Dissociative Disorders & Hyperthyroidism?

Tokyo, Japan. Researchers report a case study of a 20 year-old woman who claims amnesia for episodes of shoplifting behaviors and a suicide attempt. Doctors linked her apparent hyperthyroidism to a dissociative disorder – what?

Dissociative disorders, states the Mayo Clinic, are characterized as follows: “We all get lost in a good book or movie. But someone with dissociative disorder escapes reality in ways that are involuntary and unhealthy. The symptoms of dissociative disorders — ranging from amnesia to alternate identities — usually develop as a reaction to trauma and help keep difficult memories at bay.We all get lost in a good book or movie. But someone with dissociative disorder escapes reality in ways that are involuntary and unhealthy. The symptoms of dissociative disorders — ranging from amnesia to alternate identities — usually develop as a reaction to trauma and help keep difficult memories at bay.”

This is the first report I’ve read that associates dissociative disorders with the thyroid gland which regulates the body’s metabolism. In the case study below, the patient claimed amnesia for events which is a fundamental symptom of dissociation so perhaps that’s why a diagnosis of dissociative disorder was reached? What if the patient is faking amnesia to avoid culpability for allegedly shoplifting? Will she now be saddled with a dissociative disorder that could easily morph into full-blown case of Dissociative Identity Disorder where she will start to exhibit multiple personalities? We may never know unless a follow-up study or report is published.

The authors of this paper are associated with the Tokyo Women’s Medical University School of Medicine, Tokyo, Japan. Their findings were published in the journal of General Hospital Psychiatry.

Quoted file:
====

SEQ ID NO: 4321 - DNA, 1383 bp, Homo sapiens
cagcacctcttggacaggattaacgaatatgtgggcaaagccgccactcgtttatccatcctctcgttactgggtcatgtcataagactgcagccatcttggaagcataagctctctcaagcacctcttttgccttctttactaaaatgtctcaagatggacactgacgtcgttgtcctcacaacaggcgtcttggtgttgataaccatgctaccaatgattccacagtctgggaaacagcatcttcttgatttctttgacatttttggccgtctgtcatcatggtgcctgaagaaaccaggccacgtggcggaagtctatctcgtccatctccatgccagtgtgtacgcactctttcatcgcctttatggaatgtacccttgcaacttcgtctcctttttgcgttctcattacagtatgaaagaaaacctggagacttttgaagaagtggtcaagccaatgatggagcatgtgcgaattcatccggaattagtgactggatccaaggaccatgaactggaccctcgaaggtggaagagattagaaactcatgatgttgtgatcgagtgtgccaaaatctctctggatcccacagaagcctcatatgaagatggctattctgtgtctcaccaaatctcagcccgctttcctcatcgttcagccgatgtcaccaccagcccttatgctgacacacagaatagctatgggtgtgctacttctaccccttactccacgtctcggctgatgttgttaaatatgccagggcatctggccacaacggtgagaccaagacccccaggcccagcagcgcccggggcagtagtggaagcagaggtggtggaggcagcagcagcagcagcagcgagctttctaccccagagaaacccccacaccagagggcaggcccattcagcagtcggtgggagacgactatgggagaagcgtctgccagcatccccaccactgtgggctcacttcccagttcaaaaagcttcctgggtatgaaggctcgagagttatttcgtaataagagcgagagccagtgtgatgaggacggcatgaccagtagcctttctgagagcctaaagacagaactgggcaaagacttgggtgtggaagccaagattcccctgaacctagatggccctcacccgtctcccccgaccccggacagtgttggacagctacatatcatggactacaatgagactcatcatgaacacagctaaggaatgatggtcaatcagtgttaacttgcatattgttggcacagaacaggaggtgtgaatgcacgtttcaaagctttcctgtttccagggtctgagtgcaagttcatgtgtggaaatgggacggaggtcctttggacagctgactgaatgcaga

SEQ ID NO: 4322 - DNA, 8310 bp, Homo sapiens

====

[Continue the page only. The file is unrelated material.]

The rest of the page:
~~~~~~~~~

Dissociative disorder due to associated with Graves’ hyperthroidism: a case report*

Received 20 June 2006; accepted 20 October 2006.

  • Kaoru Mizutani, M.D., Tokyo Women’s Medical University School of Medicine, Tokyo, Japan
  • Katsuji Nishimura, M.D., Ph.D., Department of Psychiatry, Tokyo Women’s Medical University School of Medicine, Tokyo, Japan. Corresponding author at: Department of Psychiatry, Tokyo Women’s Medical University, School of Medicine
  • Atsuhiro Ichihara, M.D., Ph.D., Department of Medicine II, Endocrinology and Hypertension, Tokyo Women’s Medical University School of Medicine, Tokyo, Japan
  • Jun Ishigooka, M.D., Ph.D.,, Department of Psychiatry, Tokyo Women’s Medical University School of Medicine, Tokyo, Japan

Abstract

We report the case of a 20-year-old Japanese woman with no prior psychiatric history with apparent dissociative symptoms. These consisted of amnesia for episodes of shoplifting behaviors and a suicide attempt, developing together with an exacerbation of Graves’ hyperthyroidism. Patients with Graves’ disease frequently manifest various psychiatric disorders; however, very few reports have described dissociative disorder due to this disease. Along with other possible causes, for example, encephalopathy associated with autoimmune thyroid disease, clinicians should be aware of this possibility.

*The title is exactly as it appears in the journal of General Psychiatry.

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